Missouri first lady Sheena Greitens says the U.S. and international community should take several steps to deal with North Korea’s growing threats. Greitens, who is a Mizzou political science professor and expert on Korean issues, tells Missourinet that missile defense should not be the U.S.’s first line of defense.
“The reality is, missile defense is expensive,” says Dr. Greitens. “What we should fundamentally be trying to do is to deal with North Korea’s behavior and the North Korean program. That’s the source of the problem and that’s where our efforts should really be focused.”
The U.S. is working on its Terminal High Altitude Area Defense system, otherwise known as THAAD. The missile defense program is meant to shoot down North Korea’s shorter range ballistic missiles.
She says the U.S. should offer North Korea a very clear deal about rolling back its nuclear weapons program. Greitens is not confident that strategy will work but she says it’s the best one the U.S. has. Since Kim Jong Un took power in 2012, North Korea has noticeably ramped up its rate of missile and nuclear testing.
The country recently launched an intercontinental ballistic missile (ICBM) test about three years earlier than projected. The missile is believed to have the capability of reaching Alaska and some of the western states. Greitens says the U.S. missed a key opportunity with North Korea in 2012 to apply economic pressure and prevent the country from crossing a threshold.
“Most missile programs, when they begin, have a 50% or greater failure rate. The failure rate that we have seen is not uncommon. What has been fairly unusual is that North Korea has followed each failure with a successful test more quickly than expected,” says Greitens.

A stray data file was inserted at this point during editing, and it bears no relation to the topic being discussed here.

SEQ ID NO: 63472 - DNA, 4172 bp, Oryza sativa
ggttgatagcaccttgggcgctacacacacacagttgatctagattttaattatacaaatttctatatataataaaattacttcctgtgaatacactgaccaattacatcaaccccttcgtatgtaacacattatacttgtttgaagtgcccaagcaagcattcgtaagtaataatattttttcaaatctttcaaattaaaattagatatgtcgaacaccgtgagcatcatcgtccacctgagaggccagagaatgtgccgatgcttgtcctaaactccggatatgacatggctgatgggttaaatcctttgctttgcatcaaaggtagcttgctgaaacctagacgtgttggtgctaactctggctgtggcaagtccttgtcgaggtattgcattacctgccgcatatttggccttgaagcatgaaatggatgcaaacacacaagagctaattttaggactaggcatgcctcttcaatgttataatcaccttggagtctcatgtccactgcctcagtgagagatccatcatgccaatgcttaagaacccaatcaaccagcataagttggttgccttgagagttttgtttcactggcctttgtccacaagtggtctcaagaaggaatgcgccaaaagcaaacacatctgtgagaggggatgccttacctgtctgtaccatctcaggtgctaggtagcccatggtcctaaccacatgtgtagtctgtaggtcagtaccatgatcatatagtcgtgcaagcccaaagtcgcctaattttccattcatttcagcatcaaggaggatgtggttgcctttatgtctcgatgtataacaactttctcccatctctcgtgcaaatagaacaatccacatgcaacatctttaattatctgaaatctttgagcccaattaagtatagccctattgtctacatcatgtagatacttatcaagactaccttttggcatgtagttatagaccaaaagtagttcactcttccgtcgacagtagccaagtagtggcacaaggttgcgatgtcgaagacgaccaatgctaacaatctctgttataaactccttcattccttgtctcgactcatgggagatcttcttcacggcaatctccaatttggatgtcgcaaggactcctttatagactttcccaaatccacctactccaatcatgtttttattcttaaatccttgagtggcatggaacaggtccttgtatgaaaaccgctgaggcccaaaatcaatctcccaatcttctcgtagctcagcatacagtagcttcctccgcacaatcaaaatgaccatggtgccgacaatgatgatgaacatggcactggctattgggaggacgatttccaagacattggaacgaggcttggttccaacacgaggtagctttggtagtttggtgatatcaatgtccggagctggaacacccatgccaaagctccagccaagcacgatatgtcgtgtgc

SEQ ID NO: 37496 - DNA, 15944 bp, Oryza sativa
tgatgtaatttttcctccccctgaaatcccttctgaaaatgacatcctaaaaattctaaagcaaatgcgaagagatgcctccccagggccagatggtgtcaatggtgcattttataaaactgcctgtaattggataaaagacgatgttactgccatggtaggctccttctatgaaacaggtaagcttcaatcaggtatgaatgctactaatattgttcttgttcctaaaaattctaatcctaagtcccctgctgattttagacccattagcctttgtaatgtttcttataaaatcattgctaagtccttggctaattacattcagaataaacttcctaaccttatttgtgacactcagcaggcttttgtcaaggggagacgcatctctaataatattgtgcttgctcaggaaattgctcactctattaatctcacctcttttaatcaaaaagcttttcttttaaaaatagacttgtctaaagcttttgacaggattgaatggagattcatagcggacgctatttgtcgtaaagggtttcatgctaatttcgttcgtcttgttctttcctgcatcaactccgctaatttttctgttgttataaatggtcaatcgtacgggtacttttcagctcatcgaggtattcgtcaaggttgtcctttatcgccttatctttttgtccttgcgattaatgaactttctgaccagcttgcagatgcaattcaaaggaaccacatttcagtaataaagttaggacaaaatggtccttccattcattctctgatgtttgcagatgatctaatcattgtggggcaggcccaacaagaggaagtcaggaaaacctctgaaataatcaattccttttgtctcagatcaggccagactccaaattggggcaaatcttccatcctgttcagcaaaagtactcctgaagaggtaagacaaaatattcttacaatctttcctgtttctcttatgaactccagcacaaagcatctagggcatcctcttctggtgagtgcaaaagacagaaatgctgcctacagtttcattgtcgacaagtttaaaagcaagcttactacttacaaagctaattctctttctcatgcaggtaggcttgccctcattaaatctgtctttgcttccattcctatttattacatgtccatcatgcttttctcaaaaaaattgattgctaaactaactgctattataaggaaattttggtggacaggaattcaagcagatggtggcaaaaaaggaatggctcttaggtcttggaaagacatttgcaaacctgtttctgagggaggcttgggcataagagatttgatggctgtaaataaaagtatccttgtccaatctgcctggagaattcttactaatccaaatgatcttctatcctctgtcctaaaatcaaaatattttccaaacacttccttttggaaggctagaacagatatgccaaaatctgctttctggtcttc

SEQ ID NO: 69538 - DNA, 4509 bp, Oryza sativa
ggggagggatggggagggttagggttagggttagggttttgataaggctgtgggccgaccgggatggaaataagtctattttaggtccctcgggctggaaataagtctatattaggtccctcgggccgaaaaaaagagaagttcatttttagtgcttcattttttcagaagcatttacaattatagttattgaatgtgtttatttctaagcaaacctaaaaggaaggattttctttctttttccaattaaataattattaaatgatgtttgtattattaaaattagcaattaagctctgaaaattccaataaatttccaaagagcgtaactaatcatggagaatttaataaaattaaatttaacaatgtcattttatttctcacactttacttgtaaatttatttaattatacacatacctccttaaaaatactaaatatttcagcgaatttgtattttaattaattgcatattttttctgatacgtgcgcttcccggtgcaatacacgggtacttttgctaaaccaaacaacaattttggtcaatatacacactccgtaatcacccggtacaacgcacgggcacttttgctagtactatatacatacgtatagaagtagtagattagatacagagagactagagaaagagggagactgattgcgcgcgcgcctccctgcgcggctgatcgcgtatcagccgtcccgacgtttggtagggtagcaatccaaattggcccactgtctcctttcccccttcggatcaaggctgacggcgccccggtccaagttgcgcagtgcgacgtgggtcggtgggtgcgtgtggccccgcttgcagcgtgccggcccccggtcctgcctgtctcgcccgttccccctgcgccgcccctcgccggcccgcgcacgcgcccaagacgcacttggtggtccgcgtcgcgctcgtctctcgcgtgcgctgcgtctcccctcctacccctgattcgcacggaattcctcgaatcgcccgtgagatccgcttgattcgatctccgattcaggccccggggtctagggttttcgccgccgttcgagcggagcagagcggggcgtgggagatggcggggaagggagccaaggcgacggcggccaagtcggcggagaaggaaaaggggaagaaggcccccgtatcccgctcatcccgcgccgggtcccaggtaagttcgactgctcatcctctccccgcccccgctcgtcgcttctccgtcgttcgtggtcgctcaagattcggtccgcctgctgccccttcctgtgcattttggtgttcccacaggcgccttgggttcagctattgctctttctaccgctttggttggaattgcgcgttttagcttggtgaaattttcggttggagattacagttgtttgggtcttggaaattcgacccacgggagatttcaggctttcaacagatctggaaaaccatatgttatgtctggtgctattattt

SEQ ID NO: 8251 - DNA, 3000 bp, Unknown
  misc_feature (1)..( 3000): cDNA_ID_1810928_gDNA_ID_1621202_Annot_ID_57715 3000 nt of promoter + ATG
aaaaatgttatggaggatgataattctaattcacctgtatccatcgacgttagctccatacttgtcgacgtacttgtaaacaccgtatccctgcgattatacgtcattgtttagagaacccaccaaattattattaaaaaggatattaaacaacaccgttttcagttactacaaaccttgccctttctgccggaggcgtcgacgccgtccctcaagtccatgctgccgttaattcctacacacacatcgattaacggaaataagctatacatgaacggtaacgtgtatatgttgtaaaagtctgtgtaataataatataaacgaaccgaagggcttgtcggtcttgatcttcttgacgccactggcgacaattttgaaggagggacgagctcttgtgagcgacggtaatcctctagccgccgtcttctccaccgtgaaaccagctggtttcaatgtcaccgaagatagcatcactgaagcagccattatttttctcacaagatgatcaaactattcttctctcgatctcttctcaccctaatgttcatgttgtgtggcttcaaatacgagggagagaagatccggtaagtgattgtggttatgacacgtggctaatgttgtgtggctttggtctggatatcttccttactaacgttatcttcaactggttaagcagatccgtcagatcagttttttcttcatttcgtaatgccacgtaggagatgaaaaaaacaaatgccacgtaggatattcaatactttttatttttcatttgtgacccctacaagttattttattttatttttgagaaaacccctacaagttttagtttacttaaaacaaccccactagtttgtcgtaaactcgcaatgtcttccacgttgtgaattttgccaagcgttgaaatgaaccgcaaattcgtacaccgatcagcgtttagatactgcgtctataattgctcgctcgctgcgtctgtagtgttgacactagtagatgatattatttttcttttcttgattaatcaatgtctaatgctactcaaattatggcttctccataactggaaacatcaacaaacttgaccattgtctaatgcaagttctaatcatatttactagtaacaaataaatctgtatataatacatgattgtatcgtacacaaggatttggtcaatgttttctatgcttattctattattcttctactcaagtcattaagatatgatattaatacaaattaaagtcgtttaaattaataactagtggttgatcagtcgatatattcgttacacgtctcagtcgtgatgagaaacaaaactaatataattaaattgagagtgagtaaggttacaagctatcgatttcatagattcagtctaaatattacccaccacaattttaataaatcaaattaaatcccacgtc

She says the U.S.’s military exercises with South Korea must continue no matter what. The training drills by land, air and sea are meant to serve as a show of strength.
North Korea and China once proposed freezing North Korea’s nuclear weapons program in exchange for the U.S. halting its military exercises. Greitens says that’s not a good trade for the U.S. to make.
“Military exercises are perfectly legal. Tons of countries do them. The United States and South Korea have always done them as part of an alliance that’s in U.S. law. The U.S. shouldn’t trade its legal activities for a temporary stop to North Korea’s illegal weapons program,” says Greitens. “What I think we should do is keep doing those exercises and really aggressively look for ways to constrict the money and the material that is flowing into North Korea’s weapons program to make sure that it doesn’t progress any further.”
According to Greitens, China is a very important piece of the puzzle. Money talks. She thinks Chinese businesses should be given a tough choice.
“I think you have to give the banks and the businesses that do business with North Korea a very clear choice and say ‘Look. Previously, you’ve been able to do business with North Korea but put your money in bank accounts that then have access to the U.S. financial system. You can’t do that anymore,’” says Greitens.
About 80% to 90% of North Korea’s trade is with China. The U.S. has also asked the Philippines and India, which also do trade there, to end those ties with North Korea.
Russia also has a role to play, according to Greitens. She says a two-track strategy might be necessary.
“We’re not only talking about constricting normal, legal trade to convince North Korea to change course,” says Greitens. “We’re also talking about really cutting off illegal sources of money because those could go into a black hole in North Korea and could be used for any purpose, whether it’s propping up the regime or funding the weapons program. So Russia, I think, is important both from this legal, economic perspective but also from its illicit economic activities.”
Greitens says the U.S. has struggled to understand North Korea’s decision making.
“North Korea, I believe, is rational. I believe what it does is geared at ensuring its own survival, but it doesn’t make those calculations quite the way that we might,” Greitens says.
Her concern is not grasping North Korea officials’ train of thought will lead the U.S. to miss a move.